I believe each of us has to answer those questions for ourselves.
I could have easily posted on our website that we were closed due to weather. Everyone (but that one guy-there is always on of THOSE guys) would understand. It never would have been an issue. Except to me. I KNEW I could have made it or tried to make it before I waved the white flag. I can pat myself on the back and move on. Does that make me better than someone else? No. I could have gone a step further and planned my breakfast while I was at it. I do preach this to others everyday. I know better. I still grabbed a chocolate chip cookie my son made for his algebra class and a 100 calorie pack of yogurt covered pretzels to go with that coffee I made a priority the night before. Guess I wasn’t quite prepared enough. Was I? Reason: I had all this to do. I was so busy. I had to drive in that ice. I didn’t have time to stop for eggs and scramble them up with no yolks. I had to sub for that 6am instructor. I’m working out anyway. Reason? Excuses! Excuses! Excuses! It would have taken me 30 seconds to make a protein shake, and grab a banana or toast half an English muffin as I walked out the door. I allowed extra time for slippery driveways and roads.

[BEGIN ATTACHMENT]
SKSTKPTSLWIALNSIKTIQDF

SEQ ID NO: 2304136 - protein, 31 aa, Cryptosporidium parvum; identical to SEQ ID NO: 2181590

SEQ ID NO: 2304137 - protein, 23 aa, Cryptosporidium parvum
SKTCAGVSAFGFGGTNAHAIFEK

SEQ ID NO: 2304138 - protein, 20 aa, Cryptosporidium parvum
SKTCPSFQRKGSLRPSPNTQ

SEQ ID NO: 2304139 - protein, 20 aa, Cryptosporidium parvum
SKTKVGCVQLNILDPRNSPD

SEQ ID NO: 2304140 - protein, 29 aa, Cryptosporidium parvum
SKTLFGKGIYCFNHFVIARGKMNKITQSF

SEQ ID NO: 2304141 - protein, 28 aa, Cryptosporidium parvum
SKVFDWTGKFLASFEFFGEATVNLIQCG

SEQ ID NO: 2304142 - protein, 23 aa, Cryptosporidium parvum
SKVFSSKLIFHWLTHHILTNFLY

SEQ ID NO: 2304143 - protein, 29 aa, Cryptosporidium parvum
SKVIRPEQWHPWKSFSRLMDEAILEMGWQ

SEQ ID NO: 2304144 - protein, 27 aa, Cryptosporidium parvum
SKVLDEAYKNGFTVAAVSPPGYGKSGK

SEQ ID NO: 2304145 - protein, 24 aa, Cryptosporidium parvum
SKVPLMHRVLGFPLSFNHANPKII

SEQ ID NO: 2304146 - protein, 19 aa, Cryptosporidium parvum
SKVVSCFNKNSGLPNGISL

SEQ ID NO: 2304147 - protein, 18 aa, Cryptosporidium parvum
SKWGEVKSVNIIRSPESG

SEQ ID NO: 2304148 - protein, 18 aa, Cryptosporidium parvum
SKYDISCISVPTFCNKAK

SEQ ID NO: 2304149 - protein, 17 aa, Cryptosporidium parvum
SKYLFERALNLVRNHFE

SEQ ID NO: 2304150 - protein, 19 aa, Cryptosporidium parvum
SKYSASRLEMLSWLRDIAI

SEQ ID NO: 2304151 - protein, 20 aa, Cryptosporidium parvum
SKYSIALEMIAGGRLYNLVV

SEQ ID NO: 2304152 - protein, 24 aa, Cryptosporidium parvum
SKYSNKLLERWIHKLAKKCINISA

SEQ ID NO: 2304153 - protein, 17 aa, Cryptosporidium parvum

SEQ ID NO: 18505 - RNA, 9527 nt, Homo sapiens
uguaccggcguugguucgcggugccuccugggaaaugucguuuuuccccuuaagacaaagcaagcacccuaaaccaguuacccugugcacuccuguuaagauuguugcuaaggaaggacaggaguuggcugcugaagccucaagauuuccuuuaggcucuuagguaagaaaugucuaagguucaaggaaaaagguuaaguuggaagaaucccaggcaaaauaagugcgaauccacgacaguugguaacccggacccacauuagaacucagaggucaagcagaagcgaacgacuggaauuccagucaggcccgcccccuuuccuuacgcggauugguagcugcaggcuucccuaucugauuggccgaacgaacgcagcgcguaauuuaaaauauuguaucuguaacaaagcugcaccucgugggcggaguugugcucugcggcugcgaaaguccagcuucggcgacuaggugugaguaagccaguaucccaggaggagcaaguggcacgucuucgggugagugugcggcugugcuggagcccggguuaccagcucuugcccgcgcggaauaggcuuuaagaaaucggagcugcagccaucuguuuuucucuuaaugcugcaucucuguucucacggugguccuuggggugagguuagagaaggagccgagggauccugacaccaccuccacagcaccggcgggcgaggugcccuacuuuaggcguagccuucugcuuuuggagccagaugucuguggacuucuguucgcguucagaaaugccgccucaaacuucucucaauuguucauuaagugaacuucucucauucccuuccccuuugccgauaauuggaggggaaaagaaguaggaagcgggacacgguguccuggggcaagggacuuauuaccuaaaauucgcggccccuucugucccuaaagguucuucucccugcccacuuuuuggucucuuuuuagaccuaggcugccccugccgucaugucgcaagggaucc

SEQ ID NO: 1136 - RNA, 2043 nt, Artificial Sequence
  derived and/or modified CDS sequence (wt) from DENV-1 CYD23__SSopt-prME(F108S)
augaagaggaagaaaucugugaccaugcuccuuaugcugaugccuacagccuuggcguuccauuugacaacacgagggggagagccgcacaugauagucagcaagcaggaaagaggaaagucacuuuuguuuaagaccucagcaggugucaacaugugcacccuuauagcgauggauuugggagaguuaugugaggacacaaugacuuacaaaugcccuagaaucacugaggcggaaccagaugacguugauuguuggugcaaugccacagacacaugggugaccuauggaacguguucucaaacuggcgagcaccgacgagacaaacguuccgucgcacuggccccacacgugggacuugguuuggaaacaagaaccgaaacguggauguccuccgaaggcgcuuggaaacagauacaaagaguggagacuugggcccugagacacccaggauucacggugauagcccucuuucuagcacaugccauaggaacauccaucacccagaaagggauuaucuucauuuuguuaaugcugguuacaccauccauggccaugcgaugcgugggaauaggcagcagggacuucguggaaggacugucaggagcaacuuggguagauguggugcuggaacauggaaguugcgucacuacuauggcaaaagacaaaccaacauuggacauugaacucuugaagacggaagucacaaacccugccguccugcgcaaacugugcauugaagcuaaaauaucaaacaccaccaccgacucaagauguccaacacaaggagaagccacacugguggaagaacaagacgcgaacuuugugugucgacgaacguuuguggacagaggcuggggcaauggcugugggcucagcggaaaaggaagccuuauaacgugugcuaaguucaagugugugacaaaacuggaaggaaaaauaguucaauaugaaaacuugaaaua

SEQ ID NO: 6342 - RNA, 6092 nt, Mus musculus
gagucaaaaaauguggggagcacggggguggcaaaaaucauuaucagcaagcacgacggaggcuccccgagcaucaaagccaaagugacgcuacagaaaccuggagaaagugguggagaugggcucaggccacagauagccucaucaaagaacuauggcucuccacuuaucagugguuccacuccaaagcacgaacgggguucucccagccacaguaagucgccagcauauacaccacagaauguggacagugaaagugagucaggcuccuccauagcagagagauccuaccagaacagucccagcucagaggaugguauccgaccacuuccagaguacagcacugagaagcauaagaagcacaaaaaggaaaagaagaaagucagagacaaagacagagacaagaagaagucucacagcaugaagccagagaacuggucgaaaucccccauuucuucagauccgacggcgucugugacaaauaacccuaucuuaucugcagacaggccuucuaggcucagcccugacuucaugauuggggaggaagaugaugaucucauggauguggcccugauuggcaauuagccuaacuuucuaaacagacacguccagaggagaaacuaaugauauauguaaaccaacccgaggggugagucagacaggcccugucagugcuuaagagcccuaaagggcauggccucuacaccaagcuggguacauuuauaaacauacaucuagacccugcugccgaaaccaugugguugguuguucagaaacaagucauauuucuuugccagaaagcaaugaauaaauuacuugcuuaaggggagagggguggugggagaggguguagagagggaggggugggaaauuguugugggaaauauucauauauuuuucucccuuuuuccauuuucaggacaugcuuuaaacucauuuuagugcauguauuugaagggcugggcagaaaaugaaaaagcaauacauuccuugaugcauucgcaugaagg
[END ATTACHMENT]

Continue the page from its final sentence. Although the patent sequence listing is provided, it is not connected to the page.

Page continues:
Are those people who did not make their usual workout sitting at home right now or around the water cooler talking about how stupid it is to get up in the cold and ice and try to make a group exercise class? Maybe. Who cares if they are? I don’t. I wonder though. If they are saying those negative things, they must be the people who are making excuses. If I had a true blue reason why I could not do something, I would not feel a bit bad. Not a bit. For example, if I were trapped in my car on the side of the road, found that cookie and ate it, I would be writing about survival today instead of excuses. If I failed at something I tried to do, I would be proud that I tried. If I decided to come down on someone who was only being health-conscience, I would wonder why I am trying to make myself feel better by making them look bad.
I might blame their etiquette and call it rude not to try my special homemade holiday delight, but I think maybe I should blame that cookie that snuck it’s way into my mouth a time too many and causes me not to fit in my jeans, be grouchy at that party, cross my hands over my muffin top and over-sized shirt, and say you’re stupid for working out on cold days when I can barely drag my ass out of bed because I consistently don’t plan my breakfast! Dumb cookie.
Reflect on the times in your life when you are not prepared. How does this make you feel? Like a quitter or like a failure? There is a difference. A big difference. Failures cannot possibly because it is out of their control. Quitters just don’t. Quitters often find somewhere else to lay the blame. It’s not their fault. Right?
Reflect on the times when you speak negatively about someone trying to do something to improve themselves or when you discourage them from trying to improve.
Reflect on your level of preparedness and lack thereof.
Reflect on your reasoning or excusing. You can only judge yourself.